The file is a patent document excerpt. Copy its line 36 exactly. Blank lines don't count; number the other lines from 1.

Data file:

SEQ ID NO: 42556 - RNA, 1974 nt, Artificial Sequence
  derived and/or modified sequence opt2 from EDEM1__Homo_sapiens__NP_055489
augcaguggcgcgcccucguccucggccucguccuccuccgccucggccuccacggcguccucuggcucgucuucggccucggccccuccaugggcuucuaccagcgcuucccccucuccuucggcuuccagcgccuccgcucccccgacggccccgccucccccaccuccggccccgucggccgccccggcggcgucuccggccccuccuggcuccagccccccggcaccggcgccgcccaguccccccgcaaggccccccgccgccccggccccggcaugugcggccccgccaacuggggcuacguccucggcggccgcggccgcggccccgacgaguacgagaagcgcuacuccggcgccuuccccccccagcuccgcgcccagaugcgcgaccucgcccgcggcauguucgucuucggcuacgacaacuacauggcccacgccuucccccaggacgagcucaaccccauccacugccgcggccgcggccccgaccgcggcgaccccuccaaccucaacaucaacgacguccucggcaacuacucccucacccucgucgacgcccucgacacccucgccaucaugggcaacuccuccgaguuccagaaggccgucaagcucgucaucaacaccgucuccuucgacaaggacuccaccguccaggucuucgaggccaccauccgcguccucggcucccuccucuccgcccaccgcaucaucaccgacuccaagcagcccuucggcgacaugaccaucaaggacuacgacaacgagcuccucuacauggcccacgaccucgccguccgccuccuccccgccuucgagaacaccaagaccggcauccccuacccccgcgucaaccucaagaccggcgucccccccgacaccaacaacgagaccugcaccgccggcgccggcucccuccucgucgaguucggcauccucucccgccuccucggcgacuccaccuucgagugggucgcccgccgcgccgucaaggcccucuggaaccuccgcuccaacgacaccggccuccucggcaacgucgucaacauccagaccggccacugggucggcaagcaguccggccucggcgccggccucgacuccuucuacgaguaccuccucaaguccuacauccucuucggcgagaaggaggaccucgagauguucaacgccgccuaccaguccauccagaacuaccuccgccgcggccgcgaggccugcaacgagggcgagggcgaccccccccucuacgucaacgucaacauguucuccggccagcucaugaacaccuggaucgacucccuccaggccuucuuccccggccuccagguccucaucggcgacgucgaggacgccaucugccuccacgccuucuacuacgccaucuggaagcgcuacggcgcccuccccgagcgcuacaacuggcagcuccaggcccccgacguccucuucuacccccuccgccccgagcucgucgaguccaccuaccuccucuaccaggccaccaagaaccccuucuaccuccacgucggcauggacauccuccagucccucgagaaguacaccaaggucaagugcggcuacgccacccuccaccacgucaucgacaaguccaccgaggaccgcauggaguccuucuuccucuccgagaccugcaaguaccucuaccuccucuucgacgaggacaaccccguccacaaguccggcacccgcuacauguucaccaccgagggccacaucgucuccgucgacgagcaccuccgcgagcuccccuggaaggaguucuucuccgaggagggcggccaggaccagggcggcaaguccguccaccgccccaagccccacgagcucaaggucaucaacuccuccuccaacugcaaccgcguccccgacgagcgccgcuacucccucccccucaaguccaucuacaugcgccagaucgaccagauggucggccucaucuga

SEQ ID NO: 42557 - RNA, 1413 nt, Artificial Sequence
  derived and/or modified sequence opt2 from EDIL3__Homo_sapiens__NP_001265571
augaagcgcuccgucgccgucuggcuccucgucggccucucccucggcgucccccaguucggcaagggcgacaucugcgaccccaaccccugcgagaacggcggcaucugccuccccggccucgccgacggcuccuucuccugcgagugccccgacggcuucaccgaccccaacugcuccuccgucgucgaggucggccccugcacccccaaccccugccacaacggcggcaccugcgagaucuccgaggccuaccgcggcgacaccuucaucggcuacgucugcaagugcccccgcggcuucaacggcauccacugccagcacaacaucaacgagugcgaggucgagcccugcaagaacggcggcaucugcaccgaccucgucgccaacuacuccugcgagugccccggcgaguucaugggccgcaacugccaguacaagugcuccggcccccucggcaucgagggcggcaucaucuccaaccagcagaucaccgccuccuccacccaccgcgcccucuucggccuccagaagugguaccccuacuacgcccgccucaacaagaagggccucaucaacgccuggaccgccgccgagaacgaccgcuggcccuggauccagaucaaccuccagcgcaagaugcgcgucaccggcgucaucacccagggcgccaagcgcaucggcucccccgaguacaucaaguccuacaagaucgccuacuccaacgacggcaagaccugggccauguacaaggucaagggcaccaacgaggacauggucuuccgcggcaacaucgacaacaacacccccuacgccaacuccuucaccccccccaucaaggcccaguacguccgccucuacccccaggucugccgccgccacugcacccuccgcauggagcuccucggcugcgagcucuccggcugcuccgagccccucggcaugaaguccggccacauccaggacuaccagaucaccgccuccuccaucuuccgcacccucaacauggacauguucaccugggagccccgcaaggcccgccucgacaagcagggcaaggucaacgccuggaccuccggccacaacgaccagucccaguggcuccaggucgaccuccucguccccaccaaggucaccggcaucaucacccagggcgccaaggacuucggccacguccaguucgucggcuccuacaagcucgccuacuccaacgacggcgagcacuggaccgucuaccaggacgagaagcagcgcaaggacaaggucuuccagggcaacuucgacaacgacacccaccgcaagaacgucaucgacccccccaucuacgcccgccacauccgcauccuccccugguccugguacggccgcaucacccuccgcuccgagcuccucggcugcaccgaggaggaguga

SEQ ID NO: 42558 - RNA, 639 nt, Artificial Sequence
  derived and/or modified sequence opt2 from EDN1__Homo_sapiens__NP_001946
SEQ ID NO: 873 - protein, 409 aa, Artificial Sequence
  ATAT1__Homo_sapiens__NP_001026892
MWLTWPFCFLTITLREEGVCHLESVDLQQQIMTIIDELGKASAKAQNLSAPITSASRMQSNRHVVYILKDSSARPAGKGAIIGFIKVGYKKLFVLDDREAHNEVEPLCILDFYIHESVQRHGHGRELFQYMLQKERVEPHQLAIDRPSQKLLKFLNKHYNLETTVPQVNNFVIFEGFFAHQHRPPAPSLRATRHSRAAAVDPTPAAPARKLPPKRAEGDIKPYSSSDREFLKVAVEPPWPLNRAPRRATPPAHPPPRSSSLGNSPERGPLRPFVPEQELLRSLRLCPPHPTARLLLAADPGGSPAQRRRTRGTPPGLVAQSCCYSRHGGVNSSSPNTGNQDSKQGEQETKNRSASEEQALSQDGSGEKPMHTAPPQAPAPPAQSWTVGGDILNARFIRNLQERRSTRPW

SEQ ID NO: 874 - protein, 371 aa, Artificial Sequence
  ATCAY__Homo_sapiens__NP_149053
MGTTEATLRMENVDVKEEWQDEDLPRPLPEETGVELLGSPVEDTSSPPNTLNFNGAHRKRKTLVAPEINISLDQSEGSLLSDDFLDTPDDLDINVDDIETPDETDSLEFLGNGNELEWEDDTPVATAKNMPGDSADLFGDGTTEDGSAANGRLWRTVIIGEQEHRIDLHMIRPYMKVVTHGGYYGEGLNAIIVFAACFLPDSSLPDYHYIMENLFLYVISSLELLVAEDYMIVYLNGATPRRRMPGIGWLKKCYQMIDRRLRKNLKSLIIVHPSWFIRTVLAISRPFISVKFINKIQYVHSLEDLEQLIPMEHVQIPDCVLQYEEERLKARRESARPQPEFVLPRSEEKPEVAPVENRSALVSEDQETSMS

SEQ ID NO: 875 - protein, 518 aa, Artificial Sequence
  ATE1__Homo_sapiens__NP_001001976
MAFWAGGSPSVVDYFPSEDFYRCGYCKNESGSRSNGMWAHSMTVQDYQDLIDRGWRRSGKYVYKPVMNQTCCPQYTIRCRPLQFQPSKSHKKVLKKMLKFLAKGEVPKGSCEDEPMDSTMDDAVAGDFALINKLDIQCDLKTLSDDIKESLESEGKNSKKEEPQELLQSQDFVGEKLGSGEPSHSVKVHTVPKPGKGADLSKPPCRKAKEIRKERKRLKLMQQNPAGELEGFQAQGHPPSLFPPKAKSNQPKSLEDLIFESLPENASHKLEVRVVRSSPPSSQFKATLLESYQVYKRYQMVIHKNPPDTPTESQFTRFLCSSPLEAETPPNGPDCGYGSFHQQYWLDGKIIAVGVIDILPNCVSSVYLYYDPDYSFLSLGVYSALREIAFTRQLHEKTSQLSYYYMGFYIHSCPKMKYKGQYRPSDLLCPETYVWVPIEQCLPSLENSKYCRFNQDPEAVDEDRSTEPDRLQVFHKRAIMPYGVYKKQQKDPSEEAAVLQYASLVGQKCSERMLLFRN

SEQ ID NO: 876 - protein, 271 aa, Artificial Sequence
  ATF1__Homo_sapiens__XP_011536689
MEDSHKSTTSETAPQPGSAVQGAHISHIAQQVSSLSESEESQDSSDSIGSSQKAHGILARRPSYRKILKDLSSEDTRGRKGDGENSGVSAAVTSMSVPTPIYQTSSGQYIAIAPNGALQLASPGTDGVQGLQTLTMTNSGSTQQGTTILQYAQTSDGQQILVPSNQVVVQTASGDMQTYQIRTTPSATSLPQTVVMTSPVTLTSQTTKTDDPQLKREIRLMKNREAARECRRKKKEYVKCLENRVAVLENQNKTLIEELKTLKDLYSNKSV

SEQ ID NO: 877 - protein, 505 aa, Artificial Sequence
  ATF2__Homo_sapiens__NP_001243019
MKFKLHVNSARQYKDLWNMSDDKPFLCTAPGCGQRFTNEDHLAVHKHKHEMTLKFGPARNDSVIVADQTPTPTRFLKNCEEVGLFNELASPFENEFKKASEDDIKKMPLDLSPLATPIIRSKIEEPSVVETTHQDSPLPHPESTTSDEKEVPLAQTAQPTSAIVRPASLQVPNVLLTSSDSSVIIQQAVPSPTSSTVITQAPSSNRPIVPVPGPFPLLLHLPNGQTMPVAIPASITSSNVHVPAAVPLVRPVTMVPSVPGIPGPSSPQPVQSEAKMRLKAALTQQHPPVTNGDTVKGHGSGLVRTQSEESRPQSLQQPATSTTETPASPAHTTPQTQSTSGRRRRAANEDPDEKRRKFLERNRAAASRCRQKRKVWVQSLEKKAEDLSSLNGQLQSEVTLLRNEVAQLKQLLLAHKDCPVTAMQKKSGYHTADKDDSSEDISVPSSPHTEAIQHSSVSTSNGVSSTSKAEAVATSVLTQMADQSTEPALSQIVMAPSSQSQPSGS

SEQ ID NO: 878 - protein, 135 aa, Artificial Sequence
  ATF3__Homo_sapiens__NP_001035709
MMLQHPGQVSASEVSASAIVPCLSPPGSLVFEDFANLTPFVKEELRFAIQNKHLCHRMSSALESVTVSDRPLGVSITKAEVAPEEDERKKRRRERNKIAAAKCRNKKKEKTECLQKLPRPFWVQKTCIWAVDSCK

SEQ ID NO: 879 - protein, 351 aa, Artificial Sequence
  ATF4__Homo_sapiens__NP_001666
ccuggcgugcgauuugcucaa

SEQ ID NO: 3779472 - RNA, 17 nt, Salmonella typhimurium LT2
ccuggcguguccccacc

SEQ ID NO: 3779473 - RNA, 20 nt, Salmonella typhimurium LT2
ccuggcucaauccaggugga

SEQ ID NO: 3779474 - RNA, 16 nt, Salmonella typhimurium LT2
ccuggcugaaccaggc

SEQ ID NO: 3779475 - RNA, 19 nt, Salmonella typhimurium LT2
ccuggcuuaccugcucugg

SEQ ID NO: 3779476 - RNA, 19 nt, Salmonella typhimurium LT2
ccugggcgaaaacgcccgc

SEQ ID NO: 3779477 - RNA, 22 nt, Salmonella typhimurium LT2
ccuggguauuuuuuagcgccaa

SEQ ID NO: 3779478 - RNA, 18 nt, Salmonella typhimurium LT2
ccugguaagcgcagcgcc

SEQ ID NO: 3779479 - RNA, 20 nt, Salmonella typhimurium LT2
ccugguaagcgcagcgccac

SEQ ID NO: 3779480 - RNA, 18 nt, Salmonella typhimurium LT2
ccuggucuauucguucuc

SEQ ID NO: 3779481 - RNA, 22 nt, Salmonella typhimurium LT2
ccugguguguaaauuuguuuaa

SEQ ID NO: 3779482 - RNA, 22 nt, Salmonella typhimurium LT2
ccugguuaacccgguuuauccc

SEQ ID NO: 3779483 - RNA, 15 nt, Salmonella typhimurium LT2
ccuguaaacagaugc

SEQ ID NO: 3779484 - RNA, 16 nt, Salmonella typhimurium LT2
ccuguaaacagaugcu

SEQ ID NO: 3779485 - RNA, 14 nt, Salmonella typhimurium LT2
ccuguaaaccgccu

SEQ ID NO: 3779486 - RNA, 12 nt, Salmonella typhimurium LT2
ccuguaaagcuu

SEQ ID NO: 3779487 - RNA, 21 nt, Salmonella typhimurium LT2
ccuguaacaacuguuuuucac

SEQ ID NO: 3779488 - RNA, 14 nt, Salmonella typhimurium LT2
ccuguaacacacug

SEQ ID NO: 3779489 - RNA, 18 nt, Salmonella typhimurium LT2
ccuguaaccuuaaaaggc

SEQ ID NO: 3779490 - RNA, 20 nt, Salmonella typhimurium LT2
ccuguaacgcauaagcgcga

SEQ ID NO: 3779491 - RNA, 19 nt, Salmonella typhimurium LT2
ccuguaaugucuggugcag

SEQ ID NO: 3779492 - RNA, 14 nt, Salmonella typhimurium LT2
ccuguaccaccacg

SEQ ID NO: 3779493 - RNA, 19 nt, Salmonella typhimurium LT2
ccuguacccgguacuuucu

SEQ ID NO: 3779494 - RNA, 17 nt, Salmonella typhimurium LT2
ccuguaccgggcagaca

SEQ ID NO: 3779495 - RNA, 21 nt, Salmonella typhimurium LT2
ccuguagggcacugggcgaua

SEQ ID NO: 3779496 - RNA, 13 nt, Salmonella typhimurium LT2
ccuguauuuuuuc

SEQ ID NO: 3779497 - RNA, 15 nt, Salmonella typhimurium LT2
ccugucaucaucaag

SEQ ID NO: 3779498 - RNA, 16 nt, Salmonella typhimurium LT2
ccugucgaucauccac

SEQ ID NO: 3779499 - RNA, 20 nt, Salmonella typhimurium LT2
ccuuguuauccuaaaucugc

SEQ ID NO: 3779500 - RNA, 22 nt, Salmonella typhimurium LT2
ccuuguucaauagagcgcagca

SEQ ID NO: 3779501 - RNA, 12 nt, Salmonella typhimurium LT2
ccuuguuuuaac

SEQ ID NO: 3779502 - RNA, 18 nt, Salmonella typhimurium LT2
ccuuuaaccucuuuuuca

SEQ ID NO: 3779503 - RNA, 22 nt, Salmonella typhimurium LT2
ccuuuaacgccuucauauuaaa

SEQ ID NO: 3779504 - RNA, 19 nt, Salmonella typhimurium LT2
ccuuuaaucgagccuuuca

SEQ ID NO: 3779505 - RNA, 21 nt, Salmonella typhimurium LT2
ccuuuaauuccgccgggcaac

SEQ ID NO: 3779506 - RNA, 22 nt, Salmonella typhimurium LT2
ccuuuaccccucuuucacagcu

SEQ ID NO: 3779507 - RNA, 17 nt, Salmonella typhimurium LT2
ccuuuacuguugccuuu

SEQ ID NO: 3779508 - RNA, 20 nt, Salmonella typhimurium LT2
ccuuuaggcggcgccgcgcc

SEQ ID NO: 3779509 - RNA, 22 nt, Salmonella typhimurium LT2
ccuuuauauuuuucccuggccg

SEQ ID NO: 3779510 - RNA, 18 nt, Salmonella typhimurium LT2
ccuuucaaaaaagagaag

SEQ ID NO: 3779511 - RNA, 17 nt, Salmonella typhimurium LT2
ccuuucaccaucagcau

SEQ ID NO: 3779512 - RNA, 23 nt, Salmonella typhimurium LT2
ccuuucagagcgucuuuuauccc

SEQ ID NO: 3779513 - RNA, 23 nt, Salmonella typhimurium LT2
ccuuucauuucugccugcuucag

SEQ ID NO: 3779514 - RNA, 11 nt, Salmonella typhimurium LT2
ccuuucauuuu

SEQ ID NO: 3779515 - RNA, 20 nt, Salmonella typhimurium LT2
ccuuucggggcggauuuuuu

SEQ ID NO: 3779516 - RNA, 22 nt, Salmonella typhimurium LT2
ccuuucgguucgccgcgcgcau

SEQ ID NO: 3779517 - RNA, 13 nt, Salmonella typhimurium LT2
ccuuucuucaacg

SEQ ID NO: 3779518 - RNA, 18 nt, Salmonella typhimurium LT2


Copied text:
SEQ ID NO: 3779475 - RNA, 19 nt, Salmonella typhimurium LT2